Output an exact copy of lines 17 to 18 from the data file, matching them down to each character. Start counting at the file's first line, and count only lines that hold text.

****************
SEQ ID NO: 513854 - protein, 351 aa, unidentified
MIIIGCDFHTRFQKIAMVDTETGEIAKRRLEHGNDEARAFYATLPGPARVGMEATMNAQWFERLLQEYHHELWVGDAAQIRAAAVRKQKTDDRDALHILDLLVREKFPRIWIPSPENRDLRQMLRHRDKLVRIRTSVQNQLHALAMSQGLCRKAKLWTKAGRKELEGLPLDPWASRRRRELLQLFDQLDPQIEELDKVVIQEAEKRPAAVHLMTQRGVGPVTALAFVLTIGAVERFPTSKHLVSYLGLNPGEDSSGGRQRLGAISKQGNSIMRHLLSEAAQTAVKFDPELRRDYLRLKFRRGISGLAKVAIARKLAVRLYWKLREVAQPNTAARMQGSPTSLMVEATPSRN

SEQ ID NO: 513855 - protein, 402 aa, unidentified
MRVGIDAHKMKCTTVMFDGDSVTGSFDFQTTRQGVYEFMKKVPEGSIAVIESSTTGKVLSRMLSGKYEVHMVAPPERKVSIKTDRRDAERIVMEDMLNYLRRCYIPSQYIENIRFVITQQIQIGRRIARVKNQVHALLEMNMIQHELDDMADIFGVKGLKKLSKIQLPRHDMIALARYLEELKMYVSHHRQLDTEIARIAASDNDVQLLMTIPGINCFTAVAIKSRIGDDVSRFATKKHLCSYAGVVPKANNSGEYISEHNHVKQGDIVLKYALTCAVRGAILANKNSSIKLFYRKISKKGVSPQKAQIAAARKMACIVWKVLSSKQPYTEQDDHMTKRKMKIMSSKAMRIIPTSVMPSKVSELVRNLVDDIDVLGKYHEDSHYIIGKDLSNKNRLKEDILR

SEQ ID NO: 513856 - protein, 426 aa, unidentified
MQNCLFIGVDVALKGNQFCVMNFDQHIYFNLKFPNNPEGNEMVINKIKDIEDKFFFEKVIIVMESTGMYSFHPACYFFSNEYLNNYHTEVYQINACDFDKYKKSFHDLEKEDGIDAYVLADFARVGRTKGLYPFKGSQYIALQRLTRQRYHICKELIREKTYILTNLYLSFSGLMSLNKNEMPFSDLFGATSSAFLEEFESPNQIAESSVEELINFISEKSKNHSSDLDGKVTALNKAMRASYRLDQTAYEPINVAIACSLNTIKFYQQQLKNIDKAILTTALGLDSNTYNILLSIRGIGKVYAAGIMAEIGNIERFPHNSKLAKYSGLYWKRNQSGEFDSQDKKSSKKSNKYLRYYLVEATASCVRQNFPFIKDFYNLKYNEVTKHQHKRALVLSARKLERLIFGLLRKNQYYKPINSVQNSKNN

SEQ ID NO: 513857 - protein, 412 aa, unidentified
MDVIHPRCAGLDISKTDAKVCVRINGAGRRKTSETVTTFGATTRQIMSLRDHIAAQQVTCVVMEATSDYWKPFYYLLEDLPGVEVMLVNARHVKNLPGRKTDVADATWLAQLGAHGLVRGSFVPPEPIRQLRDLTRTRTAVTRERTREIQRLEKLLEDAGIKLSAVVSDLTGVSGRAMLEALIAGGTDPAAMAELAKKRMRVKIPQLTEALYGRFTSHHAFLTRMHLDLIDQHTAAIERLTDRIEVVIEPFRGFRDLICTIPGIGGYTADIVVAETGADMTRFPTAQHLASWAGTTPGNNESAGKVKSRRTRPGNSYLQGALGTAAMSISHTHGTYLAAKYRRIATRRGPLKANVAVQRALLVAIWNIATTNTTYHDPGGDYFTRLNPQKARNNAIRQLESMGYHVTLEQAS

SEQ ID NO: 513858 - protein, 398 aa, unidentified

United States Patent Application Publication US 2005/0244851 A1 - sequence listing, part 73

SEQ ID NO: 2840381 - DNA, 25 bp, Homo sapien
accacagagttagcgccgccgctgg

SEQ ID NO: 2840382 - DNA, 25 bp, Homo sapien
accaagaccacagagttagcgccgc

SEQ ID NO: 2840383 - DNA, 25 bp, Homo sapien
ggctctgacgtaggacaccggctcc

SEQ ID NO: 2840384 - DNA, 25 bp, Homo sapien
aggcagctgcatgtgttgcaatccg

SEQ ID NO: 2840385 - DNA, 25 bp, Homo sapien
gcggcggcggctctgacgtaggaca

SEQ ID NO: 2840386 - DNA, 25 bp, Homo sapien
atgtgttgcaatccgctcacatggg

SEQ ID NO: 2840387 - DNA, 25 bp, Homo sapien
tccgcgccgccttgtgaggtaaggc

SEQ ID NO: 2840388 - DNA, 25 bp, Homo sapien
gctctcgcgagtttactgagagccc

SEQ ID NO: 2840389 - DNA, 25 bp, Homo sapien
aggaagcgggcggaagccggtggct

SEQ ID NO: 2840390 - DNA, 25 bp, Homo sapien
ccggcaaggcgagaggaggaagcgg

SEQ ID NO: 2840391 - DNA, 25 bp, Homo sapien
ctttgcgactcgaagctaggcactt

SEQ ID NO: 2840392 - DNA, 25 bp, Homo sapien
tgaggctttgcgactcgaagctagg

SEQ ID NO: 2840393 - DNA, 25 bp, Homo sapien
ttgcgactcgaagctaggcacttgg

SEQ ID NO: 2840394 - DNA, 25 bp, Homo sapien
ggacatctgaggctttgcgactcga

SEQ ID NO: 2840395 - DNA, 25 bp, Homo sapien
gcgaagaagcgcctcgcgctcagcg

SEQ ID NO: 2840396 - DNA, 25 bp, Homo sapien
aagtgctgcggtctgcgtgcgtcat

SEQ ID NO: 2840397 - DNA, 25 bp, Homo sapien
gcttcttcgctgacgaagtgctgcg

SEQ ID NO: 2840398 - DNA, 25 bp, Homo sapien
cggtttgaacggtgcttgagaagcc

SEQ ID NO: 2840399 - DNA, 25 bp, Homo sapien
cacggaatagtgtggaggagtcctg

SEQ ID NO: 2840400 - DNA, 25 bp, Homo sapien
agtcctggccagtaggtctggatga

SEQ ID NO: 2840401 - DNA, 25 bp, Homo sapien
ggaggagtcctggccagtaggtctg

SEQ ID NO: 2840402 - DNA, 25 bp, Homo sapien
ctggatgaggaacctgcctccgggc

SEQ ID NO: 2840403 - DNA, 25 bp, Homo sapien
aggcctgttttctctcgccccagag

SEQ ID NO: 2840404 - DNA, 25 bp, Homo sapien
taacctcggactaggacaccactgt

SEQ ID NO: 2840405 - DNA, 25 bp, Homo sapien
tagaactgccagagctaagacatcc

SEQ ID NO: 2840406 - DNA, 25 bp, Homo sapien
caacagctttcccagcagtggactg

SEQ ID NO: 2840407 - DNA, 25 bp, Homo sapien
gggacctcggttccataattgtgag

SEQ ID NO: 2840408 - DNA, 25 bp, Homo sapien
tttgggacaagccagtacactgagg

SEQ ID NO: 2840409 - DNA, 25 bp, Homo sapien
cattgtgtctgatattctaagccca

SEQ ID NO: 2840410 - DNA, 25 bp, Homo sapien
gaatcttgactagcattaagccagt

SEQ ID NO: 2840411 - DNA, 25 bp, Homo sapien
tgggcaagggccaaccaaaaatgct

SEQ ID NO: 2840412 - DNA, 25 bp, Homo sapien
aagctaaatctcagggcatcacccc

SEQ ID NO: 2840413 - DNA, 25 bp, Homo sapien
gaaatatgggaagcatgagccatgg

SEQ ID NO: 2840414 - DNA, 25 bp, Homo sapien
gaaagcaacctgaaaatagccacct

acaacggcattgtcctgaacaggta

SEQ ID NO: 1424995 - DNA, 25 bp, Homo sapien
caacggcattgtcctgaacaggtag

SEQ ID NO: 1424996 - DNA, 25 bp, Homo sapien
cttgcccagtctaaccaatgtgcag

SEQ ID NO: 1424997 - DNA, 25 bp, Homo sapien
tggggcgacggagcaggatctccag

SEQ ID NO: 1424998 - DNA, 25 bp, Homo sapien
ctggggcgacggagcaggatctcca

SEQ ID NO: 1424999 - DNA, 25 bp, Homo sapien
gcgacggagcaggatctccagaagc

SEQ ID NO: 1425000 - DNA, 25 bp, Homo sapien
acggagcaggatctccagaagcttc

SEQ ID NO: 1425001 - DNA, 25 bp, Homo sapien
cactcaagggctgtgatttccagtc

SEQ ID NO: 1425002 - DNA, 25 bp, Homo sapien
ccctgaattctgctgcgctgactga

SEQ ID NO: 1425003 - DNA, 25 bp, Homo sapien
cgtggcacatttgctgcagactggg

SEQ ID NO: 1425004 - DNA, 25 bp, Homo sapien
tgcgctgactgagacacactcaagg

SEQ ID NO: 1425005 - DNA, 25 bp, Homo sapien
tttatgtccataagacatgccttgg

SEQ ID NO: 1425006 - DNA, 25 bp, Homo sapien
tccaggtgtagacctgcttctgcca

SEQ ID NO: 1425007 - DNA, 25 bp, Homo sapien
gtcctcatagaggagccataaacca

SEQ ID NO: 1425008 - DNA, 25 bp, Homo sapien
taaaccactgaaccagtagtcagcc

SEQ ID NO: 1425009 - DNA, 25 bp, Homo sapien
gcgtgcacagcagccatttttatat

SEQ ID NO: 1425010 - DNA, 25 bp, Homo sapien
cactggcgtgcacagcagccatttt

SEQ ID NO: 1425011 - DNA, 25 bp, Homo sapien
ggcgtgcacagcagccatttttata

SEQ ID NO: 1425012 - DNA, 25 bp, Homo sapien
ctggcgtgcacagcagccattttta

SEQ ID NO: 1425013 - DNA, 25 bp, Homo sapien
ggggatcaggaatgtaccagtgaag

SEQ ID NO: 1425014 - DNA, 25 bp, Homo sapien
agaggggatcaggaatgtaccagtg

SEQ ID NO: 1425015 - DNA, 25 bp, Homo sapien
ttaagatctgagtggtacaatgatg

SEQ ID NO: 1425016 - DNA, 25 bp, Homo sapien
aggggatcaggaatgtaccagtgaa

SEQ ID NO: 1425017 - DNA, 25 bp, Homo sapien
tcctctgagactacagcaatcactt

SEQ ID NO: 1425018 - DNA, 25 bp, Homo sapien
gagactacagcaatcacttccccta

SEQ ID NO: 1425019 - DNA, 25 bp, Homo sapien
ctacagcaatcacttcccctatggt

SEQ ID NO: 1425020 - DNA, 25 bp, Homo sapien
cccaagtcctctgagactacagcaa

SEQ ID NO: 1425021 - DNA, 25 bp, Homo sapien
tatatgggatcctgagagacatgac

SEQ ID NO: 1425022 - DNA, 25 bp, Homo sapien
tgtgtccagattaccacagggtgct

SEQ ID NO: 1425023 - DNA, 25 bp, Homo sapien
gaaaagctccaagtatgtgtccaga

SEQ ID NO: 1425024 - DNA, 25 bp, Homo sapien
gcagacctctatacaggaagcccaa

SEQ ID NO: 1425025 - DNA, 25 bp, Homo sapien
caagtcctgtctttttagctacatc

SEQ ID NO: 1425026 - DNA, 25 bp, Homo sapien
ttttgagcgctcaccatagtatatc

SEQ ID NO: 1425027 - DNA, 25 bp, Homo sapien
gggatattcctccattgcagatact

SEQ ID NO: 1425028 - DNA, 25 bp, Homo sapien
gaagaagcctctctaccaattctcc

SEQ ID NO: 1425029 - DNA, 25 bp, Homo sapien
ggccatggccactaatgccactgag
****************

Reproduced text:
SEQ ID NO: 2840384 - DNA, 25 bp, Homo sapien
aggcagctgcatgtgttgcaatccg